If one is to believe what he or she reads in the financial press, then one thing seems certain: the markets are about to melt! The problem is, that depending on the day, the source, and perhaps even the lunar cycle, it’s not clear whether the markets are about to melt up or melt down.
It goes without saying that this seemingly simple question of (melt) up or down is a crucial one, and the directional uncertainty can be paralyzing. With stakes so potentially high, what’s an investor to do? Step to the sidelines and wait it out? Place a bet and hope for the best? Consult a guru?
How about developing an investment framework capable of handling extreme environments?
“Develop an investment framework? Who needs one of those”? Or, ”I’ve already got one that works really well for me”, you might be saying to yourself. Hear me out.
We investors have a tendency to view the world through the lens of dichotomies. Is an equity a growth stock or a value stock? Were my returns generated from alpha or beta, or from fundamental or technical reasons? Will markets melt up or melt down?! There’s a lot of utility to this type of approach. In fact, I very much would like to keep it, but rather change the poles on the spectrum to those of value and momentum.
Before getting into the details and merits of employing a value-momentum framework (VM for short) let me first give credit where credit is due. I by no means invented this approach; I stumbled across it via a podcast interview with Dr. Wesley Gray of Alpha Architects, a quantitative investment management firm. Plenty have thoroughly researched the topic (see here and here for some notable examples), though it has remained largely relegated to the world of “quants.” I’d like to liberate it for the rest of us.
Value should be a familiar concept to anyone. It simply means getting something on the cheap. Value investing is most commonly applied to equities, and typically entails buying securities below intrinsic value (however one wants to define that term). The strategy requires investing in companies that have been “left for dead”, in the anticipation that a reversal of fortunes is in order. By buying “cheap” stocks of “good” companies, the value investor is wagering that, at some point, strong (enough) fundamental performance will (re)attract capital to those companies. This should cause valuations to mean-revert upwards and produce outsized profits in the process. Value investing is also a risk adverse strategy meant to limit one’s downside, the theory being that prices can only fall so far (so long as you’ve selected a decent company), as the marginal sellers have largely move on. While I’ve described value investing in terms of equities, these principles can be applied universally to any asset class with some minor tweaking.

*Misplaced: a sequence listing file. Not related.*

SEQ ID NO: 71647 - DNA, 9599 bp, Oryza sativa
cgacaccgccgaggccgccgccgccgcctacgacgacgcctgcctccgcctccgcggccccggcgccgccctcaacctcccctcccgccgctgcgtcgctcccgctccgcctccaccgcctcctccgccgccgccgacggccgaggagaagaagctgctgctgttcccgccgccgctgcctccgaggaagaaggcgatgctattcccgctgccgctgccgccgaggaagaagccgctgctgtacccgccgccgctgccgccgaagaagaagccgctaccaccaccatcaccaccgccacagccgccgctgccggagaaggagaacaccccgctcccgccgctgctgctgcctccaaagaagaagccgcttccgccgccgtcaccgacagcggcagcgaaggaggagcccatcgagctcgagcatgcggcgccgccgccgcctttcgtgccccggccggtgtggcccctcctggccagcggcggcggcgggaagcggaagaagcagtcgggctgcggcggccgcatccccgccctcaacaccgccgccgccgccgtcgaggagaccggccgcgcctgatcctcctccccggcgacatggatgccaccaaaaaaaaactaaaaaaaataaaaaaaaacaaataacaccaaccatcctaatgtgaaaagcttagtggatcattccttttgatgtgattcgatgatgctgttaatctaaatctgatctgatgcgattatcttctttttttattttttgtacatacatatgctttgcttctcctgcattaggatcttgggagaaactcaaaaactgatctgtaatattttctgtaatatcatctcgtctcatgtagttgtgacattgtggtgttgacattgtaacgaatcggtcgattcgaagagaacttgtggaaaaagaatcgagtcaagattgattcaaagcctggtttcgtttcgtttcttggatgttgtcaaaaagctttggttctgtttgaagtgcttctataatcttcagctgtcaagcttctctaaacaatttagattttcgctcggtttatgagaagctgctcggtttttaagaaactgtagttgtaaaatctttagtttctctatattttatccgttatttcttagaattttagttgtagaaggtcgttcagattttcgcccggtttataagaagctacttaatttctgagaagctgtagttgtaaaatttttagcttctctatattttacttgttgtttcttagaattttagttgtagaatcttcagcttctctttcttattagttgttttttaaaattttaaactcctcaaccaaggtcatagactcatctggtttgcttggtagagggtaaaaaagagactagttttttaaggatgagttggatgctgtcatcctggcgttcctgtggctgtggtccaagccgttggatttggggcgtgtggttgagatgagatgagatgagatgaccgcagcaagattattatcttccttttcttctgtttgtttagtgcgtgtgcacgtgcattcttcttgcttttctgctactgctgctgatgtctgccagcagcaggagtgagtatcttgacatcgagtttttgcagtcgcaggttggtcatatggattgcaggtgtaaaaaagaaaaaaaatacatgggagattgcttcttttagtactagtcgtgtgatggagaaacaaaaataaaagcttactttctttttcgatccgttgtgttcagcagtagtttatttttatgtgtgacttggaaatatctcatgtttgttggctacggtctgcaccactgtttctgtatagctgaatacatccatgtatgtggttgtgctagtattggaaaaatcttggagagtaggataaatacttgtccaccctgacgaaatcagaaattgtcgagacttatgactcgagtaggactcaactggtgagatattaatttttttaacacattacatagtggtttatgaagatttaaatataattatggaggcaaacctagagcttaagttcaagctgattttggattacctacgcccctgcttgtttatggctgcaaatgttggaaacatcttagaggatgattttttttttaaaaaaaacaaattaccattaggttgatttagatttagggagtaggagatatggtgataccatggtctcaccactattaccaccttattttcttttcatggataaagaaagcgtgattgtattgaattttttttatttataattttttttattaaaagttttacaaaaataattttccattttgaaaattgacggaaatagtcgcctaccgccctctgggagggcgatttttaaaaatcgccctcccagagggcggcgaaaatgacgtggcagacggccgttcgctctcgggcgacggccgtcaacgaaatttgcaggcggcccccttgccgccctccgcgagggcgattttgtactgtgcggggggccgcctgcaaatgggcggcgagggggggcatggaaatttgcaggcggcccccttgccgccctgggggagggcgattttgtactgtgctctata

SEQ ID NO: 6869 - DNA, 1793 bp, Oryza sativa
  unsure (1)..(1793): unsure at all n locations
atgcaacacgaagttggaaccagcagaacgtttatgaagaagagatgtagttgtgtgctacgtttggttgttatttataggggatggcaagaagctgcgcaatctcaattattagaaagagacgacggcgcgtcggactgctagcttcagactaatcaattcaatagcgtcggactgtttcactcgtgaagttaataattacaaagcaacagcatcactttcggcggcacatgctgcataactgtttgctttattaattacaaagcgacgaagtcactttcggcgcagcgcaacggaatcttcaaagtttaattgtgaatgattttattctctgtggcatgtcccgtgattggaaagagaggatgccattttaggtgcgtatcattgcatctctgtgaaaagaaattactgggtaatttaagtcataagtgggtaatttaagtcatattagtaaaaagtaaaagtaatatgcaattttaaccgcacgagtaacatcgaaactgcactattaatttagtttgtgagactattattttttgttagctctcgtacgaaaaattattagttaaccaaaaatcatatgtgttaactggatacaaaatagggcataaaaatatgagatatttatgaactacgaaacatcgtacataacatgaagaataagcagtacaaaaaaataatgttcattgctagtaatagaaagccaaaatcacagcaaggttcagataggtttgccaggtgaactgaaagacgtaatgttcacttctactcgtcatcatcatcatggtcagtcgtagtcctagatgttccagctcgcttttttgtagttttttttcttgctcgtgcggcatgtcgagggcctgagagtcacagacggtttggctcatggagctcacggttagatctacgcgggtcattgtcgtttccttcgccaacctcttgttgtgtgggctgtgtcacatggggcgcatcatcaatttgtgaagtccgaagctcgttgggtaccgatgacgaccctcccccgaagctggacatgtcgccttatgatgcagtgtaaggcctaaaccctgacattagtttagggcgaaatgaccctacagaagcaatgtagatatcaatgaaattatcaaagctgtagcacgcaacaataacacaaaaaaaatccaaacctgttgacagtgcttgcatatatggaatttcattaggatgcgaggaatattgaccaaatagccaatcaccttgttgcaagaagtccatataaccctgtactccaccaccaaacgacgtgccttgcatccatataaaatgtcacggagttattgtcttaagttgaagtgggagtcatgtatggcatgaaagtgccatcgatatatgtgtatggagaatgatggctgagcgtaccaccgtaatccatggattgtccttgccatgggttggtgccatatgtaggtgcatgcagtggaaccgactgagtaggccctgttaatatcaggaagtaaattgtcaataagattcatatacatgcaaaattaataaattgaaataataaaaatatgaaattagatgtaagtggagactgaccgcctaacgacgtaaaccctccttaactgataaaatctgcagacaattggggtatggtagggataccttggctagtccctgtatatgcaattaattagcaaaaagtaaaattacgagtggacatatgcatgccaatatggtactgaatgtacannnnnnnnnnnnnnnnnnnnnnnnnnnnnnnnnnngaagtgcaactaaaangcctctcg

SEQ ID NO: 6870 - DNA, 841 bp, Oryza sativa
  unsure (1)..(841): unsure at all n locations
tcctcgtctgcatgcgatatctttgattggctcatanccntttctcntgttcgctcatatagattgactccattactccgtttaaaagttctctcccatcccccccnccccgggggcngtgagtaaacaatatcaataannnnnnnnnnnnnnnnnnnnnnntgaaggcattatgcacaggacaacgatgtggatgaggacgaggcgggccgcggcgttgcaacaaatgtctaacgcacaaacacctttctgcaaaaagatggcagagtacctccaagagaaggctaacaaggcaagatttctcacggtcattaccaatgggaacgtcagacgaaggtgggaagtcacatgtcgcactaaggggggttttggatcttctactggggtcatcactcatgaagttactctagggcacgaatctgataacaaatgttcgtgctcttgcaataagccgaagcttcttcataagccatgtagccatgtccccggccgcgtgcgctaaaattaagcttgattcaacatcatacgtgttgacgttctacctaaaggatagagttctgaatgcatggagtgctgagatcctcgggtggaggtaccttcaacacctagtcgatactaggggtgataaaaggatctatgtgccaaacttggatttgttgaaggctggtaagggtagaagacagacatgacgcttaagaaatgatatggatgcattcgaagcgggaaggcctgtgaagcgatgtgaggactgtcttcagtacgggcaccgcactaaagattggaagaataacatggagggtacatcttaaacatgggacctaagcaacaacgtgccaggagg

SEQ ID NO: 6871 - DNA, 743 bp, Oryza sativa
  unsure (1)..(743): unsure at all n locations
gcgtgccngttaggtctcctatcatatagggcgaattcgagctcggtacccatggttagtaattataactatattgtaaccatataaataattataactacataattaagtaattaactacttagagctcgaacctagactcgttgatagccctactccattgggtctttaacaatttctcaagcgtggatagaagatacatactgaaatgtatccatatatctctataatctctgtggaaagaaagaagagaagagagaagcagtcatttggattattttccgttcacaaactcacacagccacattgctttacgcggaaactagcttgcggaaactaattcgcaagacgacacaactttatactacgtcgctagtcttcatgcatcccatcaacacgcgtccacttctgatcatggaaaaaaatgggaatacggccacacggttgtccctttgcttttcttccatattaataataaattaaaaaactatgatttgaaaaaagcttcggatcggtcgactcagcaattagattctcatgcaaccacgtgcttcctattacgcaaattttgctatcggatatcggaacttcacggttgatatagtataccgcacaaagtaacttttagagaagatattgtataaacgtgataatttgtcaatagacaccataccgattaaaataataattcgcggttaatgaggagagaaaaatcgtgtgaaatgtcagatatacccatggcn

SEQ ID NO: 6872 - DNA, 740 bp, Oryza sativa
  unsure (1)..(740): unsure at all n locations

Momentum describes the phenomenon where “winners” keep winning and “losers” keep losing. In other words, things continue on as they are; that current trends (more or less) persist into the future, with the outperforming investments outperforming and the underperforming ones lagging. It arguably is what has underpinned the outperformance of the FANG stocks, the Nifty Fifty in their day, and perhaps even negative yielding sovereign bonds. Momentum is also the implicit strategy of passive investing instruments (as constituents that appreciate become a greater part of the index, causing the strategy to buy more of it in a self-reflexive manner).
Note the difference between these two approaches. In simple terms, momentum is a trend following strategy while value banks on trend reversals. They are near opposites with respect to capturing price movements. Thus, melt up: overweight momentum positions; melt down: go with value ones. (My preference is to frame this in convexity terms whereby momentum is short convexity and the value is long, though such a discussion is beyond the scope of this article.)